The Barbados High Court has been forced to mediate in unresolved efforts by David Comissiong, attorney for Cuba- born drug convict Raul Garcia, to have his living conditions relaxed.
After Comissiong and Donna K. Brathwaite, counsel for the Chief Immigration Officer and the Minister of Immigration, could not agree on proposals by Garcia’s lawyer to have his “inhumane” conditions improved, presiding judge Justice Margaret Reifer adjourned the court and brought both parties together in her chambers to mediate.
The judge ruled that while the substantive case before the court would now be heard on November 21, she would give the state lawyers until next Wednesday to check with their clients regarding a resolution to Comissiong’s proposals that the ex-convict’s conditions of detention be enhanced in the meantime.
Justice Reifer said if there was no resolution, she would allow a formal application from Comissiong to be dealt with at that time. The state, represented by Brathwaite and Magreta Jordan-Watson, have also been given 21 days from today, within which to file an affidavit and Comissiong, seven days after to respond, if he so wishes.
After the in-chambers mediation talks, Comissiong told reporters that some concessions regarding improvements to Garcia’s conditions were agreed, but because the matter was still under discussion, he could provide no details.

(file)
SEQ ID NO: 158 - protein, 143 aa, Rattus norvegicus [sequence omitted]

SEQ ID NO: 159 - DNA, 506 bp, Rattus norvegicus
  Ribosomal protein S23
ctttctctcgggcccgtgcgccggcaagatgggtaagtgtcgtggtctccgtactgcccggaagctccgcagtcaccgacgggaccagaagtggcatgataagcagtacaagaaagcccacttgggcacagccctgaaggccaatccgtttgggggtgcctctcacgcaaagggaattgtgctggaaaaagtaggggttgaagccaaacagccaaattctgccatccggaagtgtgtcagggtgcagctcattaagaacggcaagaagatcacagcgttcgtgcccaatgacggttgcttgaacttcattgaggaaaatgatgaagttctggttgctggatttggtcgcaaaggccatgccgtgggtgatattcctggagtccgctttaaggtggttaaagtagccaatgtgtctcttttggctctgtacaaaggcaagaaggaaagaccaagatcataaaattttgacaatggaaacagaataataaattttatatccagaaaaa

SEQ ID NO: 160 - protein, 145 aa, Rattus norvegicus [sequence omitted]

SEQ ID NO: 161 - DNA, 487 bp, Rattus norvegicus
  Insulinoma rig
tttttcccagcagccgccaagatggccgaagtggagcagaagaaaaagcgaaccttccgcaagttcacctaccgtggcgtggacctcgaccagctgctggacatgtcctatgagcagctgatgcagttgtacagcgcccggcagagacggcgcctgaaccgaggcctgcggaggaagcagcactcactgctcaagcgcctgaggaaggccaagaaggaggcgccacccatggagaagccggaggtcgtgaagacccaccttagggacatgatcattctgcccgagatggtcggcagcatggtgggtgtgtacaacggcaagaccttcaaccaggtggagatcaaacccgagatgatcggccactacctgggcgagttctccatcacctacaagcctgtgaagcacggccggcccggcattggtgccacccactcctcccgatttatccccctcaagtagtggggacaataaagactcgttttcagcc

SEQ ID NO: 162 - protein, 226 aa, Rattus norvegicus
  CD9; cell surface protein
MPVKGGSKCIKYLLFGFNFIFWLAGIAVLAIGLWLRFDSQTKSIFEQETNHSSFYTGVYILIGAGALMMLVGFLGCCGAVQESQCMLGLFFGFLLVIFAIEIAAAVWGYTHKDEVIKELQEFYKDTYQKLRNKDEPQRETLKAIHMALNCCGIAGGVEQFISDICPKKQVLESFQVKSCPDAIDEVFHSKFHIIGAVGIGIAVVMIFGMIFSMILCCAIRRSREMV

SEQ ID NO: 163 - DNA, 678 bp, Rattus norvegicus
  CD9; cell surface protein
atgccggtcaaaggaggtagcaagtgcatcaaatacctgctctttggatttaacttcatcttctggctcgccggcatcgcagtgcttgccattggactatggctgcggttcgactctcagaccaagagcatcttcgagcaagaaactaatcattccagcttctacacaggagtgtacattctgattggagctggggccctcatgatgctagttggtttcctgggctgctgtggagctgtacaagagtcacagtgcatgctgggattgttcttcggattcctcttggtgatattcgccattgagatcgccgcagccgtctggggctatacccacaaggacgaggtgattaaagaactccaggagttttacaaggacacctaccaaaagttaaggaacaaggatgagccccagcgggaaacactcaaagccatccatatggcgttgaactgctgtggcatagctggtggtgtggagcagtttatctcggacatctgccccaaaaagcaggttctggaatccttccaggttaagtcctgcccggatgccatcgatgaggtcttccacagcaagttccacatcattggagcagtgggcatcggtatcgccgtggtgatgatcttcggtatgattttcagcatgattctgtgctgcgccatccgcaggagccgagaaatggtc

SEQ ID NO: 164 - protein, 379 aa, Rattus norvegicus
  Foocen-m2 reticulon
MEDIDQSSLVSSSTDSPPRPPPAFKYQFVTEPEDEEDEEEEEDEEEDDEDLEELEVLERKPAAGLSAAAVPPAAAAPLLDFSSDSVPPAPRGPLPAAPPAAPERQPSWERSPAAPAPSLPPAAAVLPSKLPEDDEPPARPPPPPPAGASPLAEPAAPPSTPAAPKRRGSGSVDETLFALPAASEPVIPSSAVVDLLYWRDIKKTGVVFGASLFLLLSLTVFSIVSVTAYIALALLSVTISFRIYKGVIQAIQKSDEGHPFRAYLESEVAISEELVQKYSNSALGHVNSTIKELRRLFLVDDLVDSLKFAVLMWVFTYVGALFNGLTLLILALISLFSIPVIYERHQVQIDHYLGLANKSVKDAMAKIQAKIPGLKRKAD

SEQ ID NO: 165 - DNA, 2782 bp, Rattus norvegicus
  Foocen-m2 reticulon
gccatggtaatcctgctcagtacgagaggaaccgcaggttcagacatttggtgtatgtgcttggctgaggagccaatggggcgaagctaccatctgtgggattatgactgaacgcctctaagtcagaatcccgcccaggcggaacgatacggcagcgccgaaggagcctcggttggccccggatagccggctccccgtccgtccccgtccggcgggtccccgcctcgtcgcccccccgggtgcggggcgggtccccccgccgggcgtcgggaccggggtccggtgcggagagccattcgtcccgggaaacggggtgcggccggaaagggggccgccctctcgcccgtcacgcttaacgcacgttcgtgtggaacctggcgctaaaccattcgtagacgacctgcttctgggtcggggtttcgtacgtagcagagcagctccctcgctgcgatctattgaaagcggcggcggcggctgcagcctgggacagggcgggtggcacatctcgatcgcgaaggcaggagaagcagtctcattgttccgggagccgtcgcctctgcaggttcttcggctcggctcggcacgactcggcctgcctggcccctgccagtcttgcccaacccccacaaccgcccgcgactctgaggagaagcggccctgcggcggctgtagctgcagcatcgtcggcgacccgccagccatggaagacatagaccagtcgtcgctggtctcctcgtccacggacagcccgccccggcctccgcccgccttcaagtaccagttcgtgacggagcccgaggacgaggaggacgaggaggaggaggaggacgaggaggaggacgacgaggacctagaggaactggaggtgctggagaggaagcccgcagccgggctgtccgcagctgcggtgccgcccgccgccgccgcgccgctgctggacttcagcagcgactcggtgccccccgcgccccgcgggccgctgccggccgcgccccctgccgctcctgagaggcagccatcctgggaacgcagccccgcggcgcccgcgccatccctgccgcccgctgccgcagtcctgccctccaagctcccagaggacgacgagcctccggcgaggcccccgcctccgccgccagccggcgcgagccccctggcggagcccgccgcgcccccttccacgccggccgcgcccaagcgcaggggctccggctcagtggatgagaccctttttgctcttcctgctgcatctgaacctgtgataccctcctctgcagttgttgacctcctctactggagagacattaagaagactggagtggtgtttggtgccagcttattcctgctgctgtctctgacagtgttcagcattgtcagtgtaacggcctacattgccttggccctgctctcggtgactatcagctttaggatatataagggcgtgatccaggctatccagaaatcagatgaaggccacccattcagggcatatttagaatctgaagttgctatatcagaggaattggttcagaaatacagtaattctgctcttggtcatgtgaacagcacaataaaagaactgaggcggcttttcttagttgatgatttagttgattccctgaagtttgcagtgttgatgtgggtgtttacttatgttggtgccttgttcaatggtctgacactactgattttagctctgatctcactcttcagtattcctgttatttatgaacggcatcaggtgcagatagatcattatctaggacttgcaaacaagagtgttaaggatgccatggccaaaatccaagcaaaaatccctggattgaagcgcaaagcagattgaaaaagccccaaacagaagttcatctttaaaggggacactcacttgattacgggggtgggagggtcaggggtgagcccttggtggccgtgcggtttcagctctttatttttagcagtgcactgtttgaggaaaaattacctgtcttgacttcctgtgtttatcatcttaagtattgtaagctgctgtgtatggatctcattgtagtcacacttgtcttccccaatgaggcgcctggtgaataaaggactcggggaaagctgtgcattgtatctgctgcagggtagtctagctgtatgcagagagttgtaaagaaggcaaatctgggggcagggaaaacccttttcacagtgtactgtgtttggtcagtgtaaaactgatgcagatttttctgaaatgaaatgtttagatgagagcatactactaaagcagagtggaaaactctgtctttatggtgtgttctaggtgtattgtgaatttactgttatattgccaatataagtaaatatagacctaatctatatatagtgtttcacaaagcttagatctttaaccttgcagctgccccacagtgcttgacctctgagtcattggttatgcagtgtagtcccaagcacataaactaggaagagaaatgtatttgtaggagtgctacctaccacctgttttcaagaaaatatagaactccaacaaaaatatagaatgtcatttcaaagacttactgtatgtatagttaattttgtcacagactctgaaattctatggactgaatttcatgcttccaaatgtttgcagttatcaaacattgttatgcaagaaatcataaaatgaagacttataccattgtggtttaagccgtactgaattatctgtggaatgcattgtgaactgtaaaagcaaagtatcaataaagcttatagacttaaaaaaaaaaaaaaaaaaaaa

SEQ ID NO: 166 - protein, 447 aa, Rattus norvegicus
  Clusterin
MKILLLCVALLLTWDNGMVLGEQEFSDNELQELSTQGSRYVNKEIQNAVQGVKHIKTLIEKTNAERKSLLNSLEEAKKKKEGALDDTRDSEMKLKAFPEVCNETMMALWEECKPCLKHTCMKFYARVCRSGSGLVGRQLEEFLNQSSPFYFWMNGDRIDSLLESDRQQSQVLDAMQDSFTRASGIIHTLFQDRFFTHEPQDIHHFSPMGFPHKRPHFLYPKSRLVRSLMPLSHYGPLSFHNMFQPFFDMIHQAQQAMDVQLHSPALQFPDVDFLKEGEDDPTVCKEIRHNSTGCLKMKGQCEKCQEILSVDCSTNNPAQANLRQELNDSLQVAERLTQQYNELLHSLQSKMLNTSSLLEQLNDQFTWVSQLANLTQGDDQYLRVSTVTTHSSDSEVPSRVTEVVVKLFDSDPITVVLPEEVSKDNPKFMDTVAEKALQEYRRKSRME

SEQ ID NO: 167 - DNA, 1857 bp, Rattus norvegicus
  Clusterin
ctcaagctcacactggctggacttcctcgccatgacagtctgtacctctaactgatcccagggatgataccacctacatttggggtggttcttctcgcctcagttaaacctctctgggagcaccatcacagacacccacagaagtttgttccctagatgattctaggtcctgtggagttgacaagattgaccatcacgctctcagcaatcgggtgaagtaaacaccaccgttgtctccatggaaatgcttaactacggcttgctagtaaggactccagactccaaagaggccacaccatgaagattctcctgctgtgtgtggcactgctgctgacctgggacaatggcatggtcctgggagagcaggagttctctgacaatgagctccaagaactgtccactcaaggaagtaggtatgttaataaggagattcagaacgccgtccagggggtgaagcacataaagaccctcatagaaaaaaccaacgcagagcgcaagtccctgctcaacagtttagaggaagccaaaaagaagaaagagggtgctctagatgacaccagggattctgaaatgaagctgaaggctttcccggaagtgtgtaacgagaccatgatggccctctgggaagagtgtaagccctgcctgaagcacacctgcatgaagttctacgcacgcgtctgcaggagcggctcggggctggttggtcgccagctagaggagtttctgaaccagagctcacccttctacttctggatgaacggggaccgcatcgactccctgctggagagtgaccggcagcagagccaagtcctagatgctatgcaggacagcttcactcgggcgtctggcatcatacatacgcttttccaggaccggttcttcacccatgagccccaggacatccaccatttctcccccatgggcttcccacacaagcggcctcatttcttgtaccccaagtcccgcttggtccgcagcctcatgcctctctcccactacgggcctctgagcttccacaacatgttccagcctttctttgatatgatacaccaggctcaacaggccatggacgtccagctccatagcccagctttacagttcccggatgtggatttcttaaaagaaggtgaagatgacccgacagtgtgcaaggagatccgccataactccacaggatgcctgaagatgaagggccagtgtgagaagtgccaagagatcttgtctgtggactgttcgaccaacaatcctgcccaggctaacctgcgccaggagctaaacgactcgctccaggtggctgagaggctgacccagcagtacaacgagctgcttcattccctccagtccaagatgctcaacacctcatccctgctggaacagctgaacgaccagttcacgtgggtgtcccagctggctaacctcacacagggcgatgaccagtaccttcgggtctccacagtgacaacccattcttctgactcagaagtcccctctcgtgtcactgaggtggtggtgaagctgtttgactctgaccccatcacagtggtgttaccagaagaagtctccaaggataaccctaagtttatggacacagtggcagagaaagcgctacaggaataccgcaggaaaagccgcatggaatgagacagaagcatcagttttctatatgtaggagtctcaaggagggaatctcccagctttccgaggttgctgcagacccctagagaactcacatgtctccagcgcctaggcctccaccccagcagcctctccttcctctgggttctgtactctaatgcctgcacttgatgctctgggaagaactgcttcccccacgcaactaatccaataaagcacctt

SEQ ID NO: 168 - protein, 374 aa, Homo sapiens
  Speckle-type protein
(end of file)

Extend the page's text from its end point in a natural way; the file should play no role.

He said he was hoping the state lawyers would get back to him long before next Wednesday with a full agreement on this issue. He said he was also looking forward to the substantive case being resolved by the end of next month. The substantive issue, as Comissiong described it, is for the immigration authorities to prove that the ex-prisoner’s continued detention was not unlawful, considering that he had served out his 20-year sentence more than two and a half years ago.
Comissiong is anxious that his client’s conditions be relaxed, taking into consideration that he was on the verge of a psychological collapse and was planning another hunger strike, if he continued to be deprived of simple things like a radio to listen to music or a television to watch programmes.
At court today were the Permanent Secretary in the Ministry of Defence and Security, Edison Alleyne, more than half dozen immigration officers, including Chief Immigration Officer Erine Griffith, and three members of the Dodds Prison Ministry.
Garcia, who wore a maroon short sleeve shirt and khaki pants, was escorted by two immigration officers. (EJ)